You don't need to be friends with your teammates. Perhaps you don't even need to like them all that much. But it doesn't hurt when a team's two best field players are as inseparable off the field as they are unstoppable on it. Mewis has had the pleasure of playing with plenty of talent in her club and international career, but nothing ever clicked quite like playing with DiMartino.
"I've played with some really great players, really great forwards, that I've tried to work with, but sometimes we're not always on the same page," Mewis said. "It might just be they play a different style of play or our minds don't really fit together or something like that."
Around the nation
• Kelley O'Hara had one of the great seasons in recent times en route to the Hermann Trophy and Stanford's first appearance in an NCAA championship game last year. And yet great as it was, that effort is rapidly starting to look like the prelude in Palo Alto. In the weekend's other potential College Cup preview, Stanford knocked off Portland 2-1 to remain unbeaten on the season at 8-0-2. Senior forward Christen Press provided what turned out to be the winner in the 36th minute, her 13th goal in 10 games this season. That effort also gave her 153 career points, breaking the program record established in 1993 by Sara Rafanelli.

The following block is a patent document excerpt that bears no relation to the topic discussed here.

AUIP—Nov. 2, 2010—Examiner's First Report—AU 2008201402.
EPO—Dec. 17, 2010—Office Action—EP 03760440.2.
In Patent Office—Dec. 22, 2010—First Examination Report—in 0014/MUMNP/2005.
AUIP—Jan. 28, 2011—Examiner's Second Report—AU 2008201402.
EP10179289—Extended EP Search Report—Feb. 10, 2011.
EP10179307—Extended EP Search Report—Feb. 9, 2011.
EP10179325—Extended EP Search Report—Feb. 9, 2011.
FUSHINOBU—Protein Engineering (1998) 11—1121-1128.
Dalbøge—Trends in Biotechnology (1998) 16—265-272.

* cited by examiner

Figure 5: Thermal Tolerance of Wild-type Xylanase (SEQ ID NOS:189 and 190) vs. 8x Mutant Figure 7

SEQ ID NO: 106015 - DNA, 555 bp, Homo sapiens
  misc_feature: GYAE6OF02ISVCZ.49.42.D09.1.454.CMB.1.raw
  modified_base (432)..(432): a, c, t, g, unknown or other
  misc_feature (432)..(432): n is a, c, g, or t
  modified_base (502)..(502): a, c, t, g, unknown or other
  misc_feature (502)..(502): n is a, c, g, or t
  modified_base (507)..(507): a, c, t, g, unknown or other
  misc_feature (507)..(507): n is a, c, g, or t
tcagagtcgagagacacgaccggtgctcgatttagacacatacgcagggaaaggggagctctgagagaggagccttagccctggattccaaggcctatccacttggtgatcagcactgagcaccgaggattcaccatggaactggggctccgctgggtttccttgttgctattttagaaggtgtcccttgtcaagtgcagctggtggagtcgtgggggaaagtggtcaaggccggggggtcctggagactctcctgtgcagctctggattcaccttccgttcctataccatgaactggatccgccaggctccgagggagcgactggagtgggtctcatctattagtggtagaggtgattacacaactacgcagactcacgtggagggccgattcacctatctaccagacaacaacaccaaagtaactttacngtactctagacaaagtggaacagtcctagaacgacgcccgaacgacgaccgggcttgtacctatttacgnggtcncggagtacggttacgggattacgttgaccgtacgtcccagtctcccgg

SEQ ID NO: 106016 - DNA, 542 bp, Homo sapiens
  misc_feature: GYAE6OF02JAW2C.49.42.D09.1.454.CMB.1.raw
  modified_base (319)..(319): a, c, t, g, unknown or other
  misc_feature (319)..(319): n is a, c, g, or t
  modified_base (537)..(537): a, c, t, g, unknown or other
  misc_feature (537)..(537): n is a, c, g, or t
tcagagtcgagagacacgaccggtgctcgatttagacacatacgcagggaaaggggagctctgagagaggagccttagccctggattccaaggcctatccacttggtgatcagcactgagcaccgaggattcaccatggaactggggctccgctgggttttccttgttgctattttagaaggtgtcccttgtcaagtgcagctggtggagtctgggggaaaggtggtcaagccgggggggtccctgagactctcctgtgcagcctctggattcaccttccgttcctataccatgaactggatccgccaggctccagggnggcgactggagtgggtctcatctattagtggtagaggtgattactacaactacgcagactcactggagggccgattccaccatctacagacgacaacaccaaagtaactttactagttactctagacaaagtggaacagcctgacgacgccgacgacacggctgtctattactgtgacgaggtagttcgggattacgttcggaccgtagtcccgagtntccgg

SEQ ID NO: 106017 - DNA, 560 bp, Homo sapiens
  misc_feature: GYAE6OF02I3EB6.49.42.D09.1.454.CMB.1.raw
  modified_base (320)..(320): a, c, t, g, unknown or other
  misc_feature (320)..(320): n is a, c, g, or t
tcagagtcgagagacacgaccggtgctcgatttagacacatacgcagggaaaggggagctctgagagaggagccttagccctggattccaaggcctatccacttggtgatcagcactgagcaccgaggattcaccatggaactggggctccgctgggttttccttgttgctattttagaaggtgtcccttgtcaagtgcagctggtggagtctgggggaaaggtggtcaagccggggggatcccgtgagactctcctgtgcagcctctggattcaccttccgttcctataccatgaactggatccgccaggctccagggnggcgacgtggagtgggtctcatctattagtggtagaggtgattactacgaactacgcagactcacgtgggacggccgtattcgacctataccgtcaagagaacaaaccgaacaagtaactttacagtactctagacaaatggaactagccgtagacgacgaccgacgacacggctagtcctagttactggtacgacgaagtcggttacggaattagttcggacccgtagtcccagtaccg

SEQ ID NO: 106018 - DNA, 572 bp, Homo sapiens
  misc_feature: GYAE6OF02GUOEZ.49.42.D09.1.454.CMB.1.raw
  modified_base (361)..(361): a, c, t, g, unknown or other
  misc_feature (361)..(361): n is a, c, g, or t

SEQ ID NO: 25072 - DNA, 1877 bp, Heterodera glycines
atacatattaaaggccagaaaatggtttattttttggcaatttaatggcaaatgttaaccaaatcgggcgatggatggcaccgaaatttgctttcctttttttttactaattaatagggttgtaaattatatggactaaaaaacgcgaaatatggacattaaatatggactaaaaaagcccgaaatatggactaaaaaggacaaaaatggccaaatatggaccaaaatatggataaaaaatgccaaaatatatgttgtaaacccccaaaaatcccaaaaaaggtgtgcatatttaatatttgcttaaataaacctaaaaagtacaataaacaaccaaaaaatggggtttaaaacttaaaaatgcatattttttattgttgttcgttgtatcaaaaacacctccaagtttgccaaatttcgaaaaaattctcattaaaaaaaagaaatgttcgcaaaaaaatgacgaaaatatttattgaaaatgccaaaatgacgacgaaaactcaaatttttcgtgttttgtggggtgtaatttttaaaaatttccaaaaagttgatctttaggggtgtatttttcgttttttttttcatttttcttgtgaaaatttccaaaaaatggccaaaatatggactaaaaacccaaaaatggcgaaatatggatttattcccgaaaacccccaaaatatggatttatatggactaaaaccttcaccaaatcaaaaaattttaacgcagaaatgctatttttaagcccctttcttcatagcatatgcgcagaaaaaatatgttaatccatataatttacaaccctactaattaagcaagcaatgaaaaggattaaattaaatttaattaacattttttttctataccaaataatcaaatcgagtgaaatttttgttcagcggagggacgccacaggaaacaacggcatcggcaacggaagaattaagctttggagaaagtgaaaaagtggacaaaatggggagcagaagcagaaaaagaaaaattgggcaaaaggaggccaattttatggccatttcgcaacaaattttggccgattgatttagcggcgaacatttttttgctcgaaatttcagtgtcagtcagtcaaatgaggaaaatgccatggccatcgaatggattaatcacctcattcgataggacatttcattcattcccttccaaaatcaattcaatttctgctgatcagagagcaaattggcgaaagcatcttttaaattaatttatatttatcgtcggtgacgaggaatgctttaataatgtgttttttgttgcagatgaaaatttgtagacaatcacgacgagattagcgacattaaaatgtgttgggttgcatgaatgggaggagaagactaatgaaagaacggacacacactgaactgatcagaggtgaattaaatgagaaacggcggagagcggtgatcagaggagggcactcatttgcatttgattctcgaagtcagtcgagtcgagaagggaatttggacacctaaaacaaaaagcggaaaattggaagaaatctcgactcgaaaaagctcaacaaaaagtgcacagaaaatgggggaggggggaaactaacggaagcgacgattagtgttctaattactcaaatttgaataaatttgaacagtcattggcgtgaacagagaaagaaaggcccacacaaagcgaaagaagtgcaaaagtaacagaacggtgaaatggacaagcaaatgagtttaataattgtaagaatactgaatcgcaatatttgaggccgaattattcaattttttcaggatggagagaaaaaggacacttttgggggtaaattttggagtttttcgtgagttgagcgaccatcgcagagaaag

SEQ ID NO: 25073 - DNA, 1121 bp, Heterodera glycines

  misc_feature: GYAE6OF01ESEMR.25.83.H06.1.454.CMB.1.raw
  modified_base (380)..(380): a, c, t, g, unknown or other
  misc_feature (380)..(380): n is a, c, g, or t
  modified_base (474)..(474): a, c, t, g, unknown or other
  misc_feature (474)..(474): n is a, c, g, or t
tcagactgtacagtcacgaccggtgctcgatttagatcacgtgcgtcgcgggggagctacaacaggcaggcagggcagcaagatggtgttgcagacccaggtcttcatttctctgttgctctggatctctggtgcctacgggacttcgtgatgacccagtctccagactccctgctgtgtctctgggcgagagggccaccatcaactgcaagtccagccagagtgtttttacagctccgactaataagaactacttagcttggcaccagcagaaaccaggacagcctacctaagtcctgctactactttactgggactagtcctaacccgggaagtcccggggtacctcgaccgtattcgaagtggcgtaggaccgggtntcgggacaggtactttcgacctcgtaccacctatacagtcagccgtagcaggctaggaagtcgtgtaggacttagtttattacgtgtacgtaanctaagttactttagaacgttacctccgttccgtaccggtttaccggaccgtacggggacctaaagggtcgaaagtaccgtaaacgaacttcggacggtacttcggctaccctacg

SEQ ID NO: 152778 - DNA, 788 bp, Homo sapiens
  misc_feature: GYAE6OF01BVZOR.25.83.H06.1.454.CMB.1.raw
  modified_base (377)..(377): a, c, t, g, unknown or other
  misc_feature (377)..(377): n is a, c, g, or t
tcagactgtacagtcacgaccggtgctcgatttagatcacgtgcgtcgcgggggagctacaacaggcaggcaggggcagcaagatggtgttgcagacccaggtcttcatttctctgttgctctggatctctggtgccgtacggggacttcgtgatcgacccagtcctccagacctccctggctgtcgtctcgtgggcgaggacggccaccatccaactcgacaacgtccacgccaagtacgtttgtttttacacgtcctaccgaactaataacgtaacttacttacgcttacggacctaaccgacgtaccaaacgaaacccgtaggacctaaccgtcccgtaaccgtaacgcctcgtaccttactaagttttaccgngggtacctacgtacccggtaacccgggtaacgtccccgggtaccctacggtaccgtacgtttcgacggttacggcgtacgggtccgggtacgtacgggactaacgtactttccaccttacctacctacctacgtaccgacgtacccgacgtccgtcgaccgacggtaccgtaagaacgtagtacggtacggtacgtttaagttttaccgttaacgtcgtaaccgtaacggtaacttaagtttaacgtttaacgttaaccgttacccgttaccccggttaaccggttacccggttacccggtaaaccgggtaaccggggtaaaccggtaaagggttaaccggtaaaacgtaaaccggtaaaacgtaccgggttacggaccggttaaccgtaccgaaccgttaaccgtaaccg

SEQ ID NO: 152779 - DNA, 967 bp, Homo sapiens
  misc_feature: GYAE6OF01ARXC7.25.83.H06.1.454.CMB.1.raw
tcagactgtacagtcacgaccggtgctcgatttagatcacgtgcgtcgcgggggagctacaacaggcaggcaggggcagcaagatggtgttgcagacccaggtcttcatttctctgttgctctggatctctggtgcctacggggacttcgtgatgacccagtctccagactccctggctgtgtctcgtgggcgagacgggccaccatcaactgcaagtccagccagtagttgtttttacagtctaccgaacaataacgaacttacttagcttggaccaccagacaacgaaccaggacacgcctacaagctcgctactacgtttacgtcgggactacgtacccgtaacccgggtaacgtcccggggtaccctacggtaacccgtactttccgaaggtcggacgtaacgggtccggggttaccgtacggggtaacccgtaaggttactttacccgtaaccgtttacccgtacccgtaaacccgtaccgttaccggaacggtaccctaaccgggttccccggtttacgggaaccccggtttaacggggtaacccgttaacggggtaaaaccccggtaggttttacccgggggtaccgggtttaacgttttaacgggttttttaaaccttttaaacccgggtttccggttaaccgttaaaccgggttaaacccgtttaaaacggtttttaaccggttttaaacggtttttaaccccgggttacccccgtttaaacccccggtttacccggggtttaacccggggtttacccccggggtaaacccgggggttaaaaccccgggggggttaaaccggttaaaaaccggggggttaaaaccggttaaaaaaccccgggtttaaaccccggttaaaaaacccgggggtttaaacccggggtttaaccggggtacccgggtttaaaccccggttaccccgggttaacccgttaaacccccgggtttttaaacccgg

A year ago, O'Hara scored 10 goals in Stanford's first 10 games, going without a goal in just three of those games, a feat remarkable for both its prolificness and consistency. Yet Press has not only 13 goals in the same number of games but came up empty just once, a 4-0 win against Pacific in which she had two assists. And without taking anything from O'Hara, Press is doing it without having Press around to divert any of the attention from opposing defenders and against a schedule that included not just Portland but North Carolina and Boston College.
October won't arrive until the end of the week, but the Hermann already belongs to Press if she wants it.
• Stanford has one win against a top-10 team this season. The same goes for Boston College, Notre Dame and Portland. But two wins against teams ranked in the top 10 at the time of the game? Well, North Carolina can make that claim with its wins against Florida and Texas A&M. But so can a rather more surprising team. And Colorado did it in the span of six days.
Fresh off a 1-0 upset win against UCLA at home the previous weekend, the Buffaloes scored an even bigger upset by going on the road for a 2-1 overtime win against Texas A&M on Friday. Despite coming off the bench in both games and playing a total of just 51 minutes, freshman Lizzy Herzl made the time count with the winners against both the Bruins and Aggies -- the first two goals of her college career. Even Sunday's 0-0 draw at home against Texas was hardly a momentum killer. Colorado is a modest 5-4-1 on the season, but with four points out of a tough opening weekend of Big 12 play and what look like its toughest remaining tests in Boulder, there is more than soccer life after Nikki Marshall. There might just be an NCAA tournament berth.